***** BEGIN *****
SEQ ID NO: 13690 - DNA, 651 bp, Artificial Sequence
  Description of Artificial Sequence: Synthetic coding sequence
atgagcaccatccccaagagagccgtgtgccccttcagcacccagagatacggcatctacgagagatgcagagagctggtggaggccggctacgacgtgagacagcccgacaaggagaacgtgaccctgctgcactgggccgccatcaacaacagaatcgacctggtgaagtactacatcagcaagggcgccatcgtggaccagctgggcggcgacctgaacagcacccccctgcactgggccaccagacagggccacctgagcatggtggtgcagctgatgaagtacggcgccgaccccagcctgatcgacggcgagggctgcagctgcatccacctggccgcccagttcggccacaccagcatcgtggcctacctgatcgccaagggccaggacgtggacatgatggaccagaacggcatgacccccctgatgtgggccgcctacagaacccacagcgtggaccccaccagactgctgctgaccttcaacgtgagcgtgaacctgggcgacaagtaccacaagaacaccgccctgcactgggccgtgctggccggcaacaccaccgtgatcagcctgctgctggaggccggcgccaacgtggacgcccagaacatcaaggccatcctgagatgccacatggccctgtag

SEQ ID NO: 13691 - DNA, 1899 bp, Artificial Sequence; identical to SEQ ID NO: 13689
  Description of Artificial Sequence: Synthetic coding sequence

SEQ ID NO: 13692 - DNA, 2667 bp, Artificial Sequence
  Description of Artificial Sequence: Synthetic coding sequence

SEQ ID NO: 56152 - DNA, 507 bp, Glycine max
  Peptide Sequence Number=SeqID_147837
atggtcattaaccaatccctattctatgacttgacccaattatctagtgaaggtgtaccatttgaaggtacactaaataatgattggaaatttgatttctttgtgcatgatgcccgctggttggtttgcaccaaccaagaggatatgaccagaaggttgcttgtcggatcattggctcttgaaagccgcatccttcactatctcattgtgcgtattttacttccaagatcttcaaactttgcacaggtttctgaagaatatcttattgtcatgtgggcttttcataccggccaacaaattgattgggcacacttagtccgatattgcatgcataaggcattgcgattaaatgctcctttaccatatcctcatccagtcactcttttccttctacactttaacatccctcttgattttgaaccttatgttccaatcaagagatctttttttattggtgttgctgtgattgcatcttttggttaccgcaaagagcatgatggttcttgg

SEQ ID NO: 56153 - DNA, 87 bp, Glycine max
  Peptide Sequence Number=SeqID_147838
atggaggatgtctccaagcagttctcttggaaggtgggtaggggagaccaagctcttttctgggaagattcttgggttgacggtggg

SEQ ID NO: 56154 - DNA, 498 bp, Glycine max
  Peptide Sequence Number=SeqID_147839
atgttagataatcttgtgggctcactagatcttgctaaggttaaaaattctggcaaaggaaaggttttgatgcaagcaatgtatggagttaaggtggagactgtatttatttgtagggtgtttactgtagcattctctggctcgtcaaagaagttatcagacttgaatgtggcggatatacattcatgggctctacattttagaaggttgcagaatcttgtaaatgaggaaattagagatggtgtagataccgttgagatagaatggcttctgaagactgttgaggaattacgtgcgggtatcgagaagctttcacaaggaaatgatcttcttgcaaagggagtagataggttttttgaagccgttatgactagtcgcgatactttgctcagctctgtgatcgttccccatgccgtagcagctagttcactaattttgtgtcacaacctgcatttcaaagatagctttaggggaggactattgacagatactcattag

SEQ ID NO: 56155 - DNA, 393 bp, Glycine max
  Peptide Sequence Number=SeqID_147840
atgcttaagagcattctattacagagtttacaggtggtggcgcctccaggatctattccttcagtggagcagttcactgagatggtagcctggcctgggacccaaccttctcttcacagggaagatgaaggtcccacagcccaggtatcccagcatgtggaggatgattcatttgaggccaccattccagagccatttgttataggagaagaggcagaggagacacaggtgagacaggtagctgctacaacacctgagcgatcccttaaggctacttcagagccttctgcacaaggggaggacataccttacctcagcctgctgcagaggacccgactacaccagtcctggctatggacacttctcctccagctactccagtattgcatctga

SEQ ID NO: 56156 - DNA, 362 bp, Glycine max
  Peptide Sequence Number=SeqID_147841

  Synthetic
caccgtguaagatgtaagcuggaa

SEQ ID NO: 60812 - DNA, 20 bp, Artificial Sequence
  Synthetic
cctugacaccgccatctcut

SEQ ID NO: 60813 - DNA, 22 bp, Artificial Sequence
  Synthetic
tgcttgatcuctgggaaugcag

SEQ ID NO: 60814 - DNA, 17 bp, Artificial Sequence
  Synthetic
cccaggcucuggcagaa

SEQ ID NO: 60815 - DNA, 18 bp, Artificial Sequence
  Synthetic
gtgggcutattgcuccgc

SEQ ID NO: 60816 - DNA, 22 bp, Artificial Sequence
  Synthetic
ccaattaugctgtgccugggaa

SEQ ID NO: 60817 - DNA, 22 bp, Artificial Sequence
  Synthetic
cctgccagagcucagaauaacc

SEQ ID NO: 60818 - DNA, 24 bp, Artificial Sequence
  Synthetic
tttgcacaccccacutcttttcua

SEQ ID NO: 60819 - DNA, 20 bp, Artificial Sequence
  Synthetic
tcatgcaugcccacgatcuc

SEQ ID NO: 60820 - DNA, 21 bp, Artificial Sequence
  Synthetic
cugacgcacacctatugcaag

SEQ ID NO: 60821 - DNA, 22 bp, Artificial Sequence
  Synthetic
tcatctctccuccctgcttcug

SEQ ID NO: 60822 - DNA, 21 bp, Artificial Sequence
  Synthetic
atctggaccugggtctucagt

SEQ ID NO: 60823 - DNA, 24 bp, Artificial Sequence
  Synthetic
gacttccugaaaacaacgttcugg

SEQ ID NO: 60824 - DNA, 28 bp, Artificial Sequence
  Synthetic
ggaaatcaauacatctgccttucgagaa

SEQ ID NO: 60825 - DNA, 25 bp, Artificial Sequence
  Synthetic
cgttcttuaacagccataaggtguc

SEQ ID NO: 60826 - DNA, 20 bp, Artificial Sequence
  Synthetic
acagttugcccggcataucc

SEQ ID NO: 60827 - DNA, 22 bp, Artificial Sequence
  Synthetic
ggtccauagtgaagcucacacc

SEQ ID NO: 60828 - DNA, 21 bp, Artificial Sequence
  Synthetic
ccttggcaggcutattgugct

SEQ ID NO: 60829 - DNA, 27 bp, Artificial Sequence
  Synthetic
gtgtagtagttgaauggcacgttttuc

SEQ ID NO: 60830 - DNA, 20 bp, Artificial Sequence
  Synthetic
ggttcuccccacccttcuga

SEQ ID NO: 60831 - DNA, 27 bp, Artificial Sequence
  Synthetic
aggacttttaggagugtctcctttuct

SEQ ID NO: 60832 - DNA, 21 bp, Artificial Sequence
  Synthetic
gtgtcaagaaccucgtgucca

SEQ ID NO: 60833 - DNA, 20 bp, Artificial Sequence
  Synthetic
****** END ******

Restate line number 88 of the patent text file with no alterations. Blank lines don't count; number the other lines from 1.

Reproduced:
  Synthetic